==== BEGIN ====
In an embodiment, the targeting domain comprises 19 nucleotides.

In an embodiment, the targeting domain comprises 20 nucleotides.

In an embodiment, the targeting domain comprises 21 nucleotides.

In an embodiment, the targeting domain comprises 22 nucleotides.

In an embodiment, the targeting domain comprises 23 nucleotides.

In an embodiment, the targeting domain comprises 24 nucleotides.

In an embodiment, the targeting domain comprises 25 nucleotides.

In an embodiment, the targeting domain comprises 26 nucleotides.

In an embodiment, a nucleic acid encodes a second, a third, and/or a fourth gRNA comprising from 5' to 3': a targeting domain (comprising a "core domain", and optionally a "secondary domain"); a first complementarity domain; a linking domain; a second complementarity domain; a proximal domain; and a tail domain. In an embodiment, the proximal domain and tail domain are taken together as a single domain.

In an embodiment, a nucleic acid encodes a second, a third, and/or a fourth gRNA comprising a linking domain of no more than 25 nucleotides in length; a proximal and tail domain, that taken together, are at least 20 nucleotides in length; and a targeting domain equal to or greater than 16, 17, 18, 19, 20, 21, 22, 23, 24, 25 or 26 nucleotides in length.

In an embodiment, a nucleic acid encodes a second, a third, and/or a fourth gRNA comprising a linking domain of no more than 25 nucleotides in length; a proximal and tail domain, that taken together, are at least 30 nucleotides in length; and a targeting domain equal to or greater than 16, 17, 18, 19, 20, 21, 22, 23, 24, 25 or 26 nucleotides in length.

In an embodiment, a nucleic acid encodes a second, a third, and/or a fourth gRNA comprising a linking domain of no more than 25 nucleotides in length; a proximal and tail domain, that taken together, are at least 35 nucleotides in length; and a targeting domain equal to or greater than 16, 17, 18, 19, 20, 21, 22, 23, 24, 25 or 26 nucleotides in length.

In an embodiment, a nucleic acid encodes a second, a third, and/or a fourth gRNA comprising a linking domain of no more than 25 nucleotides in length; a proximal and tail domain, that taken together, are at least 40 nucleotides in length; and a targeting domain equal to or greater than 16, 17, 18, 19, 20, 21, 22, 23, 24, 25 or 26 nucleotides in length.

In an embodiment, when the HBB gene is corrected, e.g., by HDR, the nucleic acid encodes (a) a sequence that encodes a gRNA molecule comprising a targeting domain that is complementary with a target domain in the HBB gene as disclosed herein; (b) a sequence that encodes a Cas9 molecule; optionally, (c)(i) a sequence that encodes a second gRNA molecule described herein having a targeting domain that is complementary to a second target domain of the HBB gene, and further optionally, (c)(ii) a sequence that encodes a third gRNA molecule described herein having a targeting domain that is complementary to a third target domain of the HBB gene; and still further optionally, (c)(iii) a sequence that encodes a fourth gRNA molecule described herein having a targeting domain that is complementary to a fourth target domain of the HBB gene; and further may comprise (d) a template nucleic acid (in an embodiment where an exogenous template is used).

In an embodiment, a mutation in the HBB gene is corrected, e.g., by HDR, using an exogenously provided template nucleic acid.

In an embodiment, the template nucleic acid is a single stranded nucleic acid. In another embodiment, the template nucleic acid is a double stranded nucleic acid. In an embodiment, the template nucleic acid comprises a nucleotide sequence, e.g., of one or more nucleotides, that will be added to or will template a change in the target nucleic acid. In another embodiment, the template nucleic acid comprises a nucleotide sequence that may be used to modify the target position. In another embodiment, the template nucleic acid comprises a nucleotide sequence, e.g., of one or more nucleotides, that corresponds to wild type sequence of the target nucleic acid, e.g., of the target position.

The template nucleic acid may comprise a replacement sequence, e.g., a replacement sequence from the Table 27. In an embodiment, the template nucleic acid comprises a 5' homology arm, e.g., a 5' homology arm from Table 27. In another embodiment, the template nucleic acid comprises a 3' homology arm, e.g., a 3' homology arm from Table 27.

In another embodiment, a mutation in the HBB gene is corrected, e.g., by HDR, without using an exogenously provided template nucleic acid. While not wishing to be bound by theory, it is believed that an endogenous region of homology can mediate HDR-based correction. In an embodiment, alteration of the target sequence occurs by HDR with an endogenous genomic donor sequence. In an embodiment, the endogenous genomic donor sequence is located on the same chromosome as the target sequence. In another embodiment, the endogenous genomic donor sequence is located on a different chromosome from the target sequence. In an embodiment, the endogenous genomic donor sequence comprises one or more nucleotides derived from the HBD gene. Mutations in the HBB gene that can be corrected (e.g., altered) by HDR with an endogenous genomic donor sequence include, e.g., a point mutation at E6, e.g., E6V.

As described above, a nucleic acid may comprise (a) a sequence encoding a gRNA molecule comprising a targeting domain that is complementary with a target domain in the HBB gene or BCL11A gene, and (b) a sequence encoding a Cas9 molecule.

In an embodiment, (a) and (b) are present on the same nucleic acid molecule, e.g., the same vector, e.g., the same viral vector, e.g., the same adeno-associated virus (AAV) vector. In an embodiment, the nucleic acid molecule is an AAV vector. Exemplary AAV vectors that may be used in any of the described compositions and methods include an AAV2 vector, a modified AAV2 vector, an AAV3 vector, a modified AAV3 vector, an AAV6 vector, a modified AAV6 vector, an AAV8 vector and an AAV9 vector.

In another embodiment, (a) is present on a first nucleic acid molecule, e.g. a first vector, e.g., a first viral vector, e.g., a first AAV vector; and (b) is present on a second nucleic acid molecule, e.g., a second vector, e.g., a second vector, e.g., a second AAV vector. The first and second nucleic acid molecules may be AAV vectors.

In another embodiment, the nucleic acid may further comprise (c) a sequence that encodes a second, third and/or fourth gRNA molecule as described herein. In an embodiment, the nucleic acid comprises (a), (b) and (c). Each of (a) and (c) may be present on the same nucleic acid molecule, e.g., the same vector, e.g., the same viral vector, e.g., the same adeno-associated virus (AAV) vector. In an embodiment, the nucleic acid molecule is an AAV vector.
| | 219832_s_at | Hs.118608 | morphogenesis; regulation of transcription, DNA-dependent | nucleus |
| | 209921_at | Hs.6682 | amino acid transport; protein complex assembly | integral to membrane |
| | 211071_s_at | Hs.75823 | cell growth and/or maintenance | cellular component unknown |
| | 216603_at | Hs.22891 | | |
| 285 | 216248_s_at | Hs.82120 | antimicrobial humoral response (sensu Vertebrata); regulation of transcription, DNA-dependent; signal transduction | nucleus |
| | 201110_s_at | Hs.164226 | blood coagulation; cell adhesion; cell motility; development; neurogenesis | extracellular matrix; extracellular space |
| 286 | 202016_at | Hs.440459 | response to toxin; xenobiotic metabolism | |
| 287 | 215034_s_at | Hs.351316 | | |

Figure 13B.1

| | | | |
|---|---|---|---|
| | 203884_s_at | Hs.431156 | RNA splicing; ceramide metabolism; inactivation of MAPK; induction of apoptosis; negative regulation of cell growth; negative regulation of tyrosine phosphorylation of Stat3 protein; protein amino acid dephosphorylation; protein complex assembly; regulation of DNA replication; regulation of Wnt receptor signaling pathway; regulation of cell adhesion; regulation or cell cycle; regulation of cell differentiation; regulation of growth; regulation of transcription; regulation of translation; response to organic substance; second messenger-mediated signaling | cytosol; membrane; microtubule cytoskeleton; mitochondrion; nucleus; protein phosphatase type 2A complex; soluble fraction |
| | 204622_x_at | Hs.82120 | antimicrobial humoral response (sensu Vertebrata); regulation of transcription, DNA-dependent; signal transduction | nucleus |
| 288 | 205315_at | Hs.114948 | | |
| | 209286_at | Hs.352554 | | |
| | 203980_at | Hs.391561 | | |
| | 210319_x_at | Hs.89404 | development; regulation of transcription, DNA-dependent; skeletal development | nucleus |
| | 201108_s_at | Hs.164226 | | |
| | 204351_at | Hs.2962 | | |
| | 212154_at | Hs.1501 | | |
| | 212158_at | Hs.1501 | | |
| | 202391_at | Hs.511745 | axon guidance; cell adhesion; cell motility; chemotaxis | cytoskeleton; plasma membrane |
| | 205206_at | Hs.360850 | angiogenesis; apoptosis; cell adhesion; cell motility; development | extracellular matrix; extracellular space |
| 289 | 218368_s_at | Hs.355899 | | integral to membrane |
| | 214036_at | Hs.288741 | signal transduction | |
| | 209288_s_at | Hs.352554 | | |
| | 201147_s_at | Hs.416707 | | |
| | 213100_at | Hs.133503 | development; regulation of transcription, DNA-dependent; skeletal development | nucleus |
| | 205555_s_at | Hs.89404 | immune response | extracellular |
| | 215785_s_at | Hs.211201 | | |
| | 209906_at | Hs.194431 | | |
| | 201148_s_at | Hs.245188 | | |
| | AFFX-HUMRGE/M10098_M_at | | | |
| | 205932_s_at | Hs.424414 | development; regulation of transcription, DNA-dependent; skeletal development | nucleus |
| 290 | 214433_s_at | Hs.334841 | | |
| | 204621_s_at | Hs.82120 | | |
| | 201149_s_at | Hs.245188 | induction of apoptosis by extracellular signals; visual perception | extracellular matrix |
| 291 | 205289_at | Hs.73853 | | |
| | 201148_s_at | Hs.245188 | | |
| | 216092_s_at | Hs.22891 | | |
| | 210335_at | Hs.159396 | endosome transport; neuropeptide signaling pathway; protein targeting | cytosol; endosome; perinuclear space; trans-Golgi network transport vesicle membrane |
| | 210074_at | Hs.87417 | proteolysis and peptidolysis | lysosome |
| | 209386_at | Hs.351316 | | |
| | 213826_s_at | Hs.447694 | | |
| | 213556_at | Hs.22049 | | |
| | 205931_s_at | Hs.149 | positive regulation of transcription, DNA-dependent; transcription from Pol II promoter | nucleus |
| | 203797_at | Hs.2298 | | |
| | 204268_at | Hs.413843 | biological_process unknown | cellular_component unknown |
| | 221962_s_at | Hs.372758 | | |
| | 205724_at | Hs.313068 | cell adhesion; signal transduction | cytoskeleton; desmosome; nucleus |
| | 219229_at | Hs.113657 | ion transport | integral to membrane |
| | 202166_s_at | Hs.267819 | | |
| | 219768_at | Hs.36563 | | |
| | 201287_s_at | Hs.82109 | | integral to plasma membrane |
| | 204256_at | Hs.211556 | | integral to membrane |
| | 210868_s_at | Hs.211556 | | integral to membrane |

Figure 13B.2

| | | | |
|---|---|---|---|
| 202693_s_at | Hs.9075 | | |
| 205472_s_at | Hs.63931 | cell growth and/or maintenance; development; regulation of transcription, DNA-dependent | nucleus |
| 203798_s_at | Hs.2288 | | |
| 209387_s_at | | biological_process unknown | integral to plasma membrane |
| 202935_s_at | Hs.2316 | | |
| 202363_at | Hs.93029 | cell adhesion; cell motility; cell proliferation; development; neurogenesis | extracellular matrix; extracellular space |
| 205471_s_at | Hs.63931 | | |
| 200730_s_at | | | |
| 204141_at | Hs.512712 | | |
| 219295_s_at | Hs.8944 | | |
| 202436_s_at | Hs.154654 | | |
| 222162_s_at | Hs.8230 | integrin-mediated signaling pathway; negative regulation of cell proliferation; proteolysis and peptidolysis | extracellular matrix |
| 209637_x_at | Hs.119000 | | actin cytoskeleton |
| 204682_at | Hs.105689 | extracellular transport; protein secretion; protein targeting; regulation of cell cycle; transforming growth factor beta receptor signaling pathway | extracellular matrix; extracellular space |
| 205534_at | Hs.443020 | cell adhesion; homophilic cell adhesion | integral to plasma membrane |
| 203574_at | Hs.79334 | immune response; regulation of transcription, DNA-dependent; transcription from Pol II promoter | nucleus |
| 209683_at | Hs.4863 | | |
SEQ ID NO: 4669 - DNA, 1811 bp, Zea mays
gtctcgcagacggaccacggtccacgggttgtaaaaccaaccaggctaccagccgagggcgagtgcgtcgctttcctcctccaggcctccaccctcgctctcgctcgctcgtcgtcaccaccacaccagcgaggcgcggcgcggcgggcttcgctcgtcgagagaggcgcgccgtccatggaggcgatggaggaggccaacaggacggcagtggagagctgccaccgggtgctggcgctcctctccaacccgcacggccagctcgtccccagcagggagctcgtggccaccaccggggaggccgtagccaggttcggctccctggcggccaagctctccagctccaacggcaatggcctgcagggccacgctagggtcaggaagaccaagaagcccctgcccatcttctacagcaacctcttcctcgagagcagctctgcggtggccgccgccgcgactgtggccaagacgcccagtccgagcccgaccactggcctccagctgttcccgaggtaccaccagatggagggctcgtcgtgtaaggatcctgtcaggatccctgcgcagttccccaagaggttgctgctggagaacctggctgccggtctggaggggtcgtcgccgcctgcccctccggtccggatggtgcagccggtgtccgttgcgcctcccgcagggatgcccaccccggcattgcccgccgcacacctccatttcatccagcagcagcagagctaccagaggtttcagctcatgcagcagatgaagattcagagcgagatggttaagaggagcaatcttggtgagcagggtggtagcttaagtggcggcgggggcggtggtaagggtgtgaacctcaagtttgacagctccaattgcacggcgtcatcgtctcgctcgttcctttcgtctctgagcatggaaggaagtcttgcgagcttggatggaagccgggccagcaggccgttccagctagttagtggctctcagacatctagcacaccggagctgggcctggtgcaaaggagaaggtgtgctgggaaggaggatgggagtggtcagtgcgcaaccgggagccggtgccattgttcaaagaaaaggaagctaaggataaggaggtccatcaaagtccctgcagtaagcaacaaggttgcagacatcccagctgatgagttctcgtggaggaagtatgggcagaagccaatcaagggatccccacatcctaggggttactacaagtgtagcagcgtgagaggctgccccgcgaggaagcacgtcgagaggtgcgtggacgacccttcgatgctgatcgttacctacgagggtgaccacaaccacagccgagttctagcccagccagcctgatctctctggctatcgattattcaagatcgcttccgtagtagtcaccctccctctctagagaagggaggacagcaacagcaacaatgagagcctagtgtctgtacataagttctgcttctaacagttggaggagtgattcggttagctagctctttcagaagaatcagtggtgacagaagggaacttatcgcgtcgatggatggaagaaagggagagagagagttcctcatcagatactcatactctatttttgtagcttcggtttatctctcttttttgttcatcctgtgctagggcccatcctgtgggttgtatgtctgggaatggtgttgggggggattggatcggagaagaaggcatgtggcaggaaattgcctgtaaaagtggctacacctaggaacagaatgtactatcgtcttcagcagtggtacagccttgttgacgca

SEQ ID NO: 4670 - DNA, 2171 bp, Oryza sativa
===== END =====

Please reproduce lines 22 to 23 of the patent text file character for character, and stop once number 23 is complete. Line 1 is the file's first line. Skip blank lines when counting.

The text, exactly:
In another embodiment, the nucleic acid may further comprise (c) a sequence that encodes a second, third and/or fourth gRNA molecule as described herein. In an embodiment, the nucleic acid comprises (a), (b) and (c). Each of (a) and (c) may be present on the same nucleic acid molecule, e.g., the same vector, e.g., the same viral vector, e.g., the same adeno-associated virus (AAV) vector. In an embodiment, the nucleic acid molecule is an AAV vector.
| | 219832_s_at | Hs.118608 | morphogenesis; regulation of transcription, DNA-dependent | nucleus |